"Completion": are we there yet?
Completion can be as big as re-incarnating because we left unfinished lessons, or as small as did “I miss that piece of paper on the floor while sweeping and I know it, therefore the job is incomplete.” It may be that completion is awareness of our inner and outer life, that construct, the idea of being complete.
Assumed belief brought on by outside influences such as “you did not finish your last semester at college,” lurks in the back of the mind. An old school friend shows up speaks about his last year, the graduation and party you missed, leaving you with a fresh feeling of incompleteness. It is true? Or an assumed responsibility brought on by society, a family member, or something you truly feel is unfinished?
Another question: are we ever complete until we are in peace, in that moment, before the old classmate shows up? Maybe we are complete, as much as we will ever be. “That moment” of peace, stillness, and contentment may be all there is to it…
In my experience with every big and little meaningful personal and group process I have noticed patterns in myself and others. The idea that “this is it” dawns on us…when we “look ahead” toward the “end” we make up stories—we will separate from our regular time spent with friends/fellow students and the lessons we were looking for.
Does this mean we are incomplete? I think not. This is longing, attachment, and love for our fellow beings who we think will be lost to us…for a time.
As we find ourselves on the threshold of the end of a course of learning, a journey of whatever meaningful nature, an inner voice—the emotional body, energy body, physical body—all take stock and report. We react and wonder… “but I am not done yet, what about this, what about that, I will miss this one, did I get the message? Maybe these inspirations from teachers and friends act upon us because “we are the same”—we have those qualities we seek in others, we already have the knowledge, it has simply been awakened by another or the lessons. They are wakened through interaction with another but they are within us! Otherwise we would not respond to them.
Are we there yet? Maybe another question will help: Where is there? What do we expect upon completion? The question might be: Did we ever really start and is there an end? Now that is a big chunk.
Let’s return to the simple story: I was a janitor in my youth—this was about the time I was “on my spiritual path” (as if it began then). But officially I had found my teacher and started the lessons. Everything became part of the practice; I was sweeping the long hallway with one of those wide, fluffy dust mops. Out of the corner of my eye a very small piece of paper ‘got away’. In and of itself no big deal, but I noticed it! Now that made it count! Whether I responded to that little scrap of consciousness in the form of paper had meaning because I took notice, gave value to it. I made myself responsible for it. The job of sweeping the hallway would not be complete if I did not retrace my steps and get that. I did—that lesson lasted a long time—even until this moment of sharing it with you. I had a feeling of completion at the end of the evening—no, more to the point, as I gathered the scrap in the folds of the broom a “completion took place.”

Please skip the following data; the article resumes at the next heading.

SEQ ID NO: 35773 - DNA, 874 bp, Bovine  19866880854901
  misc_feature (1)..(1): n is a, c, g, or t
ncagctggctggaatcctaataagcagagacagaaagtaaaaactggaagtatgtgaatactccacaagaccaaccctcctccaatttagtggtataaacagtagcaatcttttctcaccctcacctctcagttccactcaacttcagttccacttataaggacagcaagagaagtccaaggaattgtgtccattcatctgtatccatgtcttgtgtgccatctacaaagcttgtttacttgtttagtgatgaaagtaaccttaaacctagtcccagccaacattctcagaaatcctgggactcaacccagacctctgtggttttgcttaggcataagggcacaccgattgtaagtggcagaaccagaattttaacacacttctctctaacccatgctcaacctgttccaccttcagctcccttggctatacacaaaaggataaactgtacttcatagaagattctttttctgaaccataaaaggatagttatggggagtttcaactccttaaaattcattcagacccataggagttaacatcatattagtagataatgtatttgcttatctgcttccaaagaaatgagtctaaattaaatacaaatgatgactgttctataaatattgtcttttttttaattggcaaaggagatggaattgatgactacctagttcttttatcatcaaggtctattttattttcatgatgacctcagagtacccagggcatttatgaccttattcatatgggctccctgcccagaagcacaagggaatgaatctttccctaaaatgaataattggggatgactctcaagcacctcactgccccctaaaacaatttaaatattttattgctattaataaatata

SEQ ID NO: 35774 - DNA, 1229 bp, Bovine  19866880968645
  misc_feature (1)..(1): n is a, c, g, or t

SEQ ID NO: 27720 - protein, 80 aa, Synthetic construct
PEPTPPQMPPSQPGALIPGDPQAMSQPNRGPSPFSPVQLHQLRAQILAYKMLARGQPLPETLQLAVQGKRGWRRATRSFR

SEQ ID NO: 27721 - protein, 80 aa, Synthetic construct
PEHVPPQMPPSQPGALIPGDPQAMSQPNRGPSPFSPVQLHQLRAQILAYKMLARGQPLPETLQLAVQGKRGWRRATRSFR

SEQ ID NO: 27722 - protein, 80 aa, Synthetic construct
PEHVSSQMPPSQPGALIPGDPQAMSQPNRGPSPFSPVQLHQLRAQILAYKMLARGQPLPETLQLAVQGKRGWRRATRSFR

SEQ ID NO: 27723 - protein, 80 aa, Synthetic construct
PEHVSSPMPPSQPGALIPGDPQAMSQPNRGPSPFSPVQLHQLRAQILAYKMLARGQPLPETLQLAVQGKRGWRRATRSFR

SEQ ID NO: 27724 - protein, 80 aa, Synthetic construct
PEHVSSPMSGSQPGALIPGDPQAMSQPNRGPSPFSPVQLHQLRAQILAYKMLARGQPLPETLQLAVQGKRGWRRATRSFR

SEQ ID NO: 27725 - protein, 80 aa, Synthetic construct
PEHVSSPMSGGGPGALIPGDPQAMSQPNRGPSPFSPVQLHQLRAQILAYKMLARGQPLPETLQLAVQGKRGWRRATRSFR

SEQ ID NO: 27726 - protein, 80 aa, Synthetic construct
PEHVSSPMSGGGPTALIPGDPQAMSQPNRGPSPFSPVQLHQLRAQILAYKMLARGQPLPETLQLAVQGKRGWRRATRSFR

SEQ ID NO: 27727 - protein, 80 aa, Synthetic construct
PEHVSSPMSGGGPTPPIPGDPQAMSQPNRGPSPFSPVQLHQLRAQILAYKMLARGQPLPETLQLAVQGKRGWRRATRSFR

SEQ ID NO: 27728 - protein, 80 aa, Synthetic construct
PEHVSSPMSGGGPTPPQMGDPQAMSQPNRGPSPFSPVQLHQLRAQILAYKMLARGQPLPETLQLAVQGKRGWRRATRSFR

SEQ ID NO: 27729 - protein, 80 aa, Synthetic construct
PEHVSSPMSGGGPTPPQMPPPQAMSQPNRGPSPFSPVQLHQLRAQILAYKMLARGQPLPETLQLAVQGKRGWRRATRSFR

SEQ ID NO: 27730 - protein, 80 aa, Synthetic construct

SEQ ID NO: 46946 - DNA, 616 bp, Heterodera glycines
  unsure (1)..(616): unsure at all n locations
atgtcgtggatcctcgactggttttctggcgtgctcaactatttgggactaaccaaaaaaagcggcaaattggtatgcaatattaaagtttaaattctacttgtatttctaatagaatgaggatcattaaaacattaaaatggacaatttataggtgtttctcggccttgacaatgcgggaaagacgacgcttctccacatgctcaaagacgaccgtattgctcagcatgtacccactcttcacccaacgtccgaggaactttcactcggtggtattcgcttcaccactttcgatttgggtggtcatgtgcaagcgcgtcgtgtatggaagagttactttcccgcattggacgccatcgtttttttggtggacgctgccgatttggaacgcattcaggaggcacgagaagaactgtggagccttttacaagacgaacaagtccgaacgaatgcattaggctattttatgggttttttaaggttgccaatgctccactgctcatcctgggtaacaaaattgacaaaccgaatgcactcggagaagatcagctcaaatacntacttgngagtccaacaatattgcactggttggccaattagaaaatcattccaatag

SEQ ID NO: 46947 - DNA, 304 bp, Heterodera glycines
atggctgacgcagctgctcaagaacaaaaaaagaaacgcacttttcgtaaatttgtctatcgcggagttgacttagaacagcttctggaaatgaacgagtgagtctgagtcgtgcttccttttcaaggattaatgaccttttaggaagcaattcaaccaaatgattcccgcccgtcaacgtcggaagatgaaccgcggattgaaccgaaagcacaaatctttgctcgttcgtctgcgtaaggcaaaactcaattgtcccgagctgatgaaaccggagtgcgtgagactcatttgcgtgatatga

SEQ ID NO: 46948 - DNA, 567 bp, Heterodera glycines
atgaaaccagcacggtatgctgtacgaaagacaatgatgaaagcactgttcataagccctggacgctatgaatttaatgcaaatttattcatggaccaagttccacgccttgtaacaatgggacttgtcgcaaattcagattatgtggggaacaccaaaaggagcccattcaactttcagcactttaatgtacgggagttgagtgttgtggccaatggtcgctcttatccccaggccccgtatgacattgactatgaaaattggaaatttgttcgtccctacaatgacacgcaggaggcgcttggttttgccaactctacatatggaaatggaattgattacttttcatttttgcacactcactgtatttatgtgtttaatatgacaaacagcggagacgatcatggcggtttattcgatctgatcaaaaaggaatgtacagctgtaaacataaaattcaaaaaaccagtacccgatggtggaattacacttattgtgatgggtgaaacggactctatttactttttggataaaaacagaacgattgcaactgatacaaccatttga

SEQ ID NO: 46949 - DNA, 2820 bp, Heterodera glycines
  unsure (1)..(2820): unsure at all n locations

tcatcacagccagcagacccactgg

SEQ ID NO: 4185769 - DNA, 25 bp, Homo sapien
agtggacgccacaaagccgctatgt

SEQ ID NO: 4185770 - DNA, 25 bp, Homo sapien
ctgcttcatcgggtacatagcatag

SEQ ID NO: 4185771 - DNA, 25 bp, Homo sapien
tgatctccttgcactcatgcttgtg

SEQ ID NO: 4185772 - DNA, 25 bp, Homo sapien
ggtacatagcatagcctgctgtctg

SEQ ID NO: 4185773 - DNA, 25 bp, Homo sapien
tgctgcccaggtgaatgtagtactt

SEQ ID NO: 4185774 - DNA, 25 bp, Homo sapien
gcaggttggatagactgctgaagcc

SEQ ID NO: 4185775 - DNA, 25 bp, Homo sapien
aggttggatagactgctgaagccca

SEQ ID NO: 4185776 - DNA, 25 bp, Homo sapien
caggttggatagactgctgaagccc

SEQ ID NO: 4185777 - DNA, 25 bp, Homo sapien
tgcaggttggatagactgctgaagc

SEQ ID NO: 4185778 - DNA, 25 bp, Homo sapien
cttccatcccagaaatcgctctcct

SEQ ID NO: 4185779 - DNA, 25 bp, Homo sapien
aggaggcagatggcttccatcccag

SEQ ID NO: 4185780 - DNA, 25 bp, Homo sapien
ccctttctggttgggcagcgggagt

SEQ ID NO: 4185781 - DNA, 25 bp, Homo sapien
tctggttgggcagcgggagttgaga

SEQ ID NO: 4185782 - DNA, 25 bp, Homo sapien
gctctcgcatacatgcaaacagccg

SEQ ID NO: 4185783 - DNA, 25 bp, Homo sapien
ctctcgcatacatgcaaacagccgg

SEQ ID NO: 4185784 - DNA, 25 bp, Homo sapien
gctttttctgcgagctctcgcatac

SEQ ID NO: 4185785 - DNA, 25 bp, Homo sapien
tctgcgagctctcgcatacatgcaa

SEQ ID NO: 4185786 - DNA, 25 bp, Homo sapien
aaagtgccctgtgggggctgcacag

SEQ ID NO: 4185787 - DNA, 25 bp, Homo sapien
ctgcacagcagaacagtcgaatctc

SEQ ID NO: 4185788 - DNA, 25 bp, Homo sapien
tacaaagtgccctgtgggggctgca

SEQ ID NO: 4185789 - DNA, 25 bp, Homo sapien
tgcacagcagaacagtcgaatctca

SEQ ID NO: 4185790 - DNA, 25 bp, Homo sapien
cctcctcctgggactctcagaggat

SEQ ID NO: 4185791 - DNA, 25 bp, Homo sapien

Of course the story could have gone in a different direction had I different values (or weaker peripheral vision). If I did not care about the quality of my work, if I did not assign value to the pieces of paper, no big deal. Would this make me a lesser person, in-complete in some manner? Maybe. However consider that the possibility of in-completeness would be present only once I had seen the paper and made it my responsibility to either go back for it or not.
As long as we assign ourselves to the piece of paper that slipped by—or the “unfinished character flaws”—are we responsible. Going back for the paper, noticing, and choosing to respond differently than our habit, would dictate the feeling of satisfaction to some degree of a completion. If we let it slide by, aware it might get stuck as a belief—if “I did not full-fill my contract with myself…or in my job”—we may well feel incomplete.
Maybe the idea of complete has to do with being in the moment, having little or no distractions. This might be why we take the courses, the job, do the trainings to awaken more fully to this very moment.
As a single flower rests in the wheat field unaffected by wind and sway of stalk. We may be complete in the midst of our active mind and so-called unfulfilled beliefs. We may choose to get that piece of paper or not—the learning will still be ours to have in that moment.
I ask myself, is this blog complete…am I done yet? You determine, fill in as needed for yourself…as will I. “Rest in peace” as they say at the end of life. We could say this at the end of each adventure, each breath…we are there, we never left.
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